I have abandoned my attempts at formal Spanish lessons,
I have however, purchased a grammar book. I also try to pick up new vocabulary and expressions as much as possible.
I have a foggy notion about continued study back in Dublin. Classes at the Instituto Cervantes maybe? Perhaps an intercambio?
My attitude to Tango is entirely different. I am detirmined to improve. I am prepared for any time, expense and humiliation involved.
Whatever it costs, I must learn and must become a half-decent dancer.
This Wednesday evening, I head for the biggest and probably the best school in the city, at the J.L. Borges Cultural Centre on Calle Viamonte.
This is in Microcentre, near the famous Avenida Corrinetes.
Classes begin at 11.30 and last 90 minutes, when the next begins. The last session is at half-eight.
It’s nearly 20 past now so time is tight. I jump in a cab.
At the counter of the Culture Centre’s school, the girl behind the desk tells me there are no more classes for beginners tonight.
I point at the relevent entry for this class, in my up-to-date Guia de Tango. The part that say P. for “Principante”- meaning “Beginer”.
She tells me bluntly my Guide is wrong.
I stand there, not knowing quite what to do.
Briefly, I contemplate an indignant letter to “The Irish Times”.
Then I catch a stroke of good fortune. Somebody comes out of the practice classroom and has a quiet word with the girl behind the desk.
I am admited because, as I now see, class is quiet.
There are only four other students here, and only one is a man.
This seems like good news and a great stoke of fortune to me. The classes at La Catidral, although great fun, are so full one can barely move and or hear much of the teachers.
The other male student is a nice guy. He is also a giant, nearly 2 metres tall.
His dancing is marginally better than mine, but not brilliant.
The three women, two Germans and a Japanesse, are all far better, at an entirely different level.
The two teachers, Marchella and Eugene are- it goes without saying- superb dancers.
But, far, far more imporantly to me, it soon emerges they are also wonderful teachers, patient, clear, kind and encouraging.
I learn a lot.
At the end I am still a rank beginner, making dozens of awful and elementary mistakes. But I have at least learnt a couple of sequences of steps.
I need this. I must have something, anything, to work on, if only so that it can be taken apart and improved again later.
How can I practice, if I can not dance a single step?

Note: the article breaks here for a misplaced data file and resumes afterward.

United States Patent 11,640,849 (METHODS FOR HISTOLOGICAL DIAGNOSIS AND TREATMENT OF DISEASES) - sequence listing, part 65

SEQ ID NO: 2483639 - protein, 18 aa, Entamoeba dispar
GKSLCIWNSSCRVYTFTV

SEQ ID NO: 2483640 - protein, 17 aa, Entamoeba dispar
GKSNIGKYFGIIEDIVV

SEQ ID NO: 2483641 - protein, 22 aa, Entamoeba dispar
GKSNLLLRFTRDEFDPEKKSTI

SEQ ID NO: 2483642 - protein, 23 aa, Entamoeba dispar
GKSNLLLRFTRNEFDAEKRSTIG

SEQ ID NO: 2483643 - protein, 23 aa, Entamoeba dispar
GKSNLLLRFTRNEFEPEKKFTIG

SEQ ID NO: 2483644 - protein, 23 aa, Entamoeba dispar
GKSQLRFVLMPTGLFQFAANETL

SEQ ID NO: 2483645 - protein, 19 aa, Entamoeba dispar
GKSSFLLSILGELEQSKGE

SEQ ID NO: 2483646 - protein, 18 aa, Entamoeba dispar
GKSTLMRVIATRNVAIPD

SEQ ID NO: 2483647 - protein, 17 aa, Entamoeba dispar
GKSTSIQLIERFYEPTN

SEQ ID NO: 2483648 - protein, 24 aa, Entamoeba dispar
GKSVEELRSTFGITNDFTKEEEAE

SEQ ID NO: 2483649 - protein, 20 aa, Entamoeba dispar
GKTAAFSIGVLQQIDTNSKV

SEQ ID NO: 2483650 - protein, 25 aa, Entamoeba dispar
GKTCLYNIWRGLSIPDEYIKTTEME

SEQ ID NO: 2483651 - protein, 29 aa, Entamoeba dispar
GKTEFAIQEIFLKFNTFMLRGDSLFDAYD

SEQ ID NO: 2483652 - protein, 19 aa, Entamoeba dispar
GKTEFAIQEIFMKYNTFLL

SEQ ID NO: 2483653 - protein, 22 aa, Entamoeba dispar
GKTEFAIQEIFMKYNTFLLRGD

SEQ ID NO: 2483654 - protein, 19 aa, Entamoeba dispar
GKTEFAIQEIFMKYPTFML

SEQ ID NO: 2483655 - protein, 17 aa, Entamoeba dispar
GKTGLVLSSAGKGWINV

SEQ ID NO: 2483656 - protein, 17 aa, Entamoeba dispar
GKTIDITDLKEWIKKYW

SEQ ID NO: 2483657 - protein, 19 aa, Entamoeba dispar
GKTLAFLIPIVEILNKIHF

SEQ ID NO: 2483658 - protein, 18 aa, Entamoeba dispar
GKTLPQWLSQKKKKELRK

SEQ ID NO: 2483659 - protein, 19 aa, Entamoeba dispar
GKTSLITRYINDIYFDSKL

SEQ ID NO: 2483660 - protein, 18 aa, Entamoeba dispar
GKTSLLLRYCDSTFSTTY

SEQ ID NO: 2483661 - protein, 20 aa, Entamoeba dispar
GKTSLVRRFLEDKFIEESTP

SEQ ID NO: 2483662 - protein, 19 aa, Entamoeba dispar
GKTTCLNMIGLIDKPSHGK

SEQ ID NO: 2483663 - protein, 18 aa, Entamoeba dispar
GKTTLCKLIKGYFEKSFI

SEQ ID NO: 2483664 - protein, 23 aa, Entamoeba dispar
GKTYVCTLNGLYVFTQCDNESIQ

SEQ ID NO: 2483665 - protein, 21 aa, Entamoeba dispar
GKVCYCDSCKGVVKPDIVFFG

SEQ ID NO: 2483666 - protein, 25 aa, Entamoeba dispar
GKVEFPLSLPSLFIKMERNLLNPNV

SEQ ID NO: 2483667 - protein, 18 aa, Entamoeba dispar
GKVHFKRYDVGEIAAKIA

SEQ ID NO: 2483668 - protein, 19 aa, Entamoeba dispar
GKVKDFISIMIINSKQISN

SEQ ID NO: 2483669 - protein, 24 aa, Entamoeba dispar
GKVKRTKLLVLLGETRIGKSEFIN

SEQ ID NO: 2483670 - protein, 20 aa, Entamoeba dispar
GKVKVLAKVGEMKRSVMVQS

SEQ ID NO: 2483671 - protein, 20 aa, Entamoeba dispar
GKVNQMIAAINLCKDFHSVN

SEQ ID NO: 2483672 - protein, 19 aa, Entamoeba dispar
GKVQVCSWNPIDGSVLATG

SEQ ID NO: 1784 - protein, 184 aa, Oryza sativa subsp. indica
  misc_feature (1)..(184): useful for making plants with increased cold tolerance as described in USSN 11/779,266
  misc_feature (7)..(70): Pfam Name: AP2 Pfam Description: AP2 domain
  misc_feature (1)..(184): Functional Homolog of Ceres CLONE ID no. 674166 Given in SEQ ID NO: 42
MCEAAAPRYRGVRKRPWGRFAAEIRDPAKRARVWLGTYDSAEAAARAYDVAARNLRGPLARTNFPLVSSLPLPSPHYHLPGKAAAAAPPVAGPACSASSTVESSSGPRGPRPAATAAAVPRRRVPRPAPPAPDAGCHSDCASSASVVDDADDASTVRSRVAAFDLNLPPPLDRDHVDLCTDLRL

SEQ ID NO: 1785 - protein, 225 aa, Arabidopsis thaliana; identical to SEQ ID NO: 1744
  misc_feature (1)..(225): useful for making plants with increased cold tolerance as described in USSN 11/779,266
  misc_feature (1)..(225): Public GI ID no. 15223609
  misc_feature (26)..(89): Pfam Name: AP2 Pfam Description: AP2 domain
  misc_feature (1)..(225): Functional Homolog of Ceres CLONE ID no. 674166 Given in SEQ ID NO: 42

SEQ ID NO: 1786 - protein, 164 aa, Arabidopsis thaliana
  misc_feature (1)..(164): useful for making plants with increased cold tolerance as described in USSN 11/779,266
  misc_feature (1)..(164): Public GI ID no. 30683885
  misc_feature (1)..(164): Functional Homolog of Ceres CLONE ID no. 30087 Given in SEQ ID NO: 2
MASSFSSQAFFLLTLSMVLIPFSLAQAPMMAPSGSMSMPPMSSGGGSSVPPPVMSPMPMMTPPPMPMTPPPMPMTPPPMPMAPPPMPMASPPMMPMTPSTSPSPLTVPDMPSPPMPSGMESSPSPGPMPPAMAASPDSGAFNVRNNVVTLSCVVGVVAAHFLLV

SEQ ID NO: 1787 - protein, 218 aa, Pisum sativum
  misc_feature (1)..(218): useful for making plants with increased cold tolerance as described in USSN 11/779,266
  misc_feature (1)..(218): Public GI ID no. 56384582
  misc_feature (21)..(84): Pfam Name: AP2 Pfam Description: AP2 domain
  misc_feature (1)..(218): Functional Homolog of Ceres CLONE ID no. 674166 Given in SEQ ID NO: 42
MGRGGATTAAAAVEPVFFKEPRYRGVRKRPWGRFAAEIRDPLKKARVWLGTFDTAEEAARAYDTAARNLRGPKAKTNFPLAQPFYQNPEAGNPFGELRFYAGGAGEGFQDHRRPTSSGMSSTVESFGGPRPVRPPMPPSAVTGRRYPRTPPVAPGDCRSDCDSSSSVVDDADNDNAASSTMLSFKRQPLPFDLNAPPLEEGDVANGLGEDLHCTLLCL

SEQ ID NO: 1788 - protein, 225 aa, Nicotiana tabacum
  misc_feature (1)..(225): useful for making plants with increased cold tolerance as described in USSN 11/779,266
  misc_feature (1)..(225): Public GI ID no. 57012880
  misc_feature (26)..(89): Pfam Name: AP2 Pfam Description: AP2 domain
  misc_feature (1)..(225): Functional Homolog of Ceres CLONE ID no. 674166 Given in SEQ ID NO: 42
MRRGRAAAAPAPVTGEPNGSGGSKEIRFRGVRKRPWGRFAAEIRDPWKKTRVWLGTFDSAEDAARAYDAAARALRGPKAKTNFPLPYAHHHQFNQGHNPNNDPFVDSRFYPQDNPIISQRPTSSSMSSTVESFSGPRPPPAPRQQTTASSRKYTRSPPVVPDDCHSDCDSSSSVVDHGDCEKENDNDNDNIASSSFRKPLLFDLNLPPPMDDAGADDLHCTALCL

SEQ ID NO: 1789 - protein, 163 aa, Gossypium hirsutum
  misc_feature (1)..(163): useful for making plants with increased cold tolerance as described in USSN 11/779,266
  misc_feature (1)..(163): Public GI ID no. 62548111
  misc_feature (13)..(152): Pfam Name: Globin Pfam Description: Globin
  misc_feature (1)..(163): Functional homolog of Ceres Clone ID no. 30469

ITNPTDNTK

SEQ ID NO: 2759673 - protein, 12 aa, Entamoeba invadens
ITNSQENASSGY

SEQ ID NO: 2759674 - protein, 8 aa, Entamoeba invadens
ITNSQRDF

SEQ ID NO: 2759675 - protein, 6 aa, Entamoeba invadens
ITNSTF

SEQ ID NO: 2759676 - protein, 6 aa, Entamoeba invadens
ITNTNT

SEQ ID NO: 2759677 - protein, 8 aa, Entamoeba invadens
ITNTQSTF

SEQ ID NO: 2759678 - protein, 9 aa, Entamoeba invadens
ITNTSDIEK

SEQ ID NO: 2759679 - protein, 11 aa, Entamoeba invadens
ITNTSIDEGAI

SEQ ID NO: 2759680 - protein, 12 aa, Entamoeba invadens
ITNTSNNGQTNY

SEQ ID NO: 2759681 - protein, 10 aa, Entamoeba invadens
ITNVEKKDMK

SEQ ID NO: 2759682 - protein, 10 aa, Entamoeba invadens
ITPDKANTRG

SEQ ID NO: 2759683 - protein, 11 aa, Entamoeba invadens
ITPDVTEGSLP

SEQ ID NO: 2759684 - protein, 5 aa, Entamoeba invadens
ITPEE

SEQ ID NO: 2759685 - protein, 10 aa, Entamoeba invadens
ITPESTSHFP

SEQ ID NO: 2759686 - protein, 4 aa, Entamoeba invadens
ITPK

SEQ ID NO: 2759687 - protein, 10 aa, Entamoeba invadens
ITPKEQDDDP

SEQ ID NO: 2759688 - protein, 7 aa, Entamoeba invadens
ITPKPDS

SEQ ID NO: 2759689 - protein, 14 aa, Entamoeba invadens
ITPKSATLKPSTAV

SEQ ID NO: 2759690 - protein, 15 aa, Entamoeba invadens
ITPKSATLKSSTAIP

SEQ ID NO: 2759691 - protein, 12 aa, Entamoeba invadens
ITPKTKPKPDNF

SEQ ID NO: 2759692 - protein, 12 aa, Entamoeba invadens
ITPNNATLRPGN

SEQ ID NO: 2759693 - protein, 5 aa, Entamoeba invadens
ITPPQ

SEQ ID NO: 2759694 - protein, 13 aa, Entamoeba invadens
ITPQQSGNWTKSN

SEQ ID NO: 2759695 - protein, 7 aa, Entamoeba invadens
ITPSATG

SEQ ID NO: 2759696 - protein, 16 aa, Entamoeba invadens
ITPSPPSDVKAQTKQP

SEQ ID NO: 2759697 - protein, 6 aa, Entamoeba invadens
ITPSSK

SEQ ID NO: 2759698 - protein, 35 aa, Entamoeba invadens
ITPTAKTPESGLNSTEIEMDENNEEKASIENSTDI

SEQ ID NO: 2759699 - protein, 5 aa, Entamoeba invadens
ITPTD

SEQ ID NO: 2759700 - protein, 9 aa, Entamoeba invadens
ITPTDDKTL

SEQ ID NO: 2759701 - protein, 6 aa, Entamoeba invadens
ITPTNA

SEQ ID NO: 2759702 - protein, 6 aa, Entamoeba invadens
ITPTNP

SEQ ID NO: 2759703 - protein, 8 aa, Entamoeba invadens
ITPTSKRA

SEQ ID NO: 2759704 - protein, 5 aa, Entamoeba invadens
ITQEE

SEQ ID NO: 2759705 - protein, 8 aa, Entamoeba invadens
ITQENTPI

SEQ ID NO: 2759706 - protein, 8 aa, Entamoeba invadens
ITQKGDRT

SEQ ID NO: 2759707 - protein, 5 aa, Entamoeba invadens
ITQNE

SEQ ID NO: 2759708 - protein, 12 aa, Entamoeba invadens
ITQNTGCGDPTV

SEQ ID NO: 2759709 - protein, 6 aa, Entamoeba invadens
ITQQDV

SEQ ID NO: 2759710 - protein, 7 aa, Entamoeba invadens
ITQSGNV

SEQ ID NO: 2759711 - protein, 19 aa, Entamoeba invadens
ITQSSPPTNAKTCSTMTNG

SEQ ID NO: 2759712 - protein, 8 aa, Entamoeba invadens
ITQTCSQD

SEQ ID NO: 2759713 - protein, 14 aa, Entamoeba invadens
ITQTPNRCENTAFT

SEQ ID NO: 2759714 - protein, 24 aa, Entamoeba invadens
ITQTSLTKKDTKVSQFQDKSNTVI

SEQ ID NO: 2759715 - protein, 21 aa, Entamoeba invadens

I feel so euphoric I suggest we go to a nearby Millonga, so we can practice.
The tall man and the Japanese lady have other plans, but the two German ladies agree.
We ask our teachers for advice. They tell us to make for the famous Confeteria Ideal, only six blocks away, on calle Suipacha, just the other side of Corrinetes.
We find it readily enough.
Outside the dance hall is a beautiful frieze, of polished pale-green terrazzo. As you know, Terrazo is that lovely material from the 1930-50s, still seen in old hospitals and cinemas from that era.
It is made from deeply coloured marbles or alabaster, ground up into a mix of chips and dust, so it can be poured as a hard cement, then polished smooth again. I love terrazzo. It is probably my favourite building material of the twenieth century.
This particular, pale-green frieze illustrates one of the most basic, best known eight-step tango sequences.
By wonderful serendipity, these are the very pasos I have just learnt in class!
Within the pale-green background the man’s steps are in black terrazo, the woman’s in a deep, dark red.
Just time for one more practice then.
Myself and one of the Germans- Stephanie- hop on the terrazzo and practice our moves.
I make one of my “when I am rich..” resolutions.
When I am rich… I am going to have a terrazo tango frieze in my house.
Or maybe just outseide the house, if I live (even part-time) in Spain or Italy, Argentina or the South of France.
WE go inside and see the famous Confeteria Ideal, a famous an institution among Milongas.
Most Milonga were built for the ordinary folk. But Confeteria Ideal was built for high society. It is one of the few remaining classic 19th or early 20th century ballrooms of Buenos Aires. It is elegance incarnate.
Downstairs is an enormous dining room or tea rooms, surrounded with huge ornate column and hung with chandeliers.
Upstairs is the ballroom itself, with its old eliptical dome of etched stain-glass.
The Germans tell me they both dance tango back home. Both have come to Argentina to continue their practice. With ruthless, single-minded efficiency, they have booked classes everyday and plan to attend a milonga every evening.
Both politely excuse themselves. When they return they have changed out of their trousers and into nice frocks.
We settle again at our table. We order a bottle of Argentine Malbec, from the back bow-tied and waist-coated waiter.
The room is filling up now, a mix of mostly-older Argentines, sprinkled with a few tourists. Some of the tourists, like us, are here to dance, others merely to watch the dancing, and see this famous building.
The younger of my two companions- Stephanie- is asked to dance. She immediately gets up to accept.
I am happily chatting to my other companion. Then she tells me- not rudely but as a simple matter of fact- that she has to make eye contact or she will not be asked to dance.
She puts on her glasses and looks around the room.
It works. She is immediately asked to dance.
I watch her. She is certainly not an unatractive woman, far from it. But it is striking how she is transformed when she dances. How she becomes for that time, beautiuful, doing the thing she loves.
Back home in Nunremberg, she sells glass fibre insulation cladding.
On the dancefloor she comes alive. For that time, she glows.
Such are the joys of tango. I dance myself with both my new companions and one other very understanding lady. We drink a lot of champagne.
All is right with the world.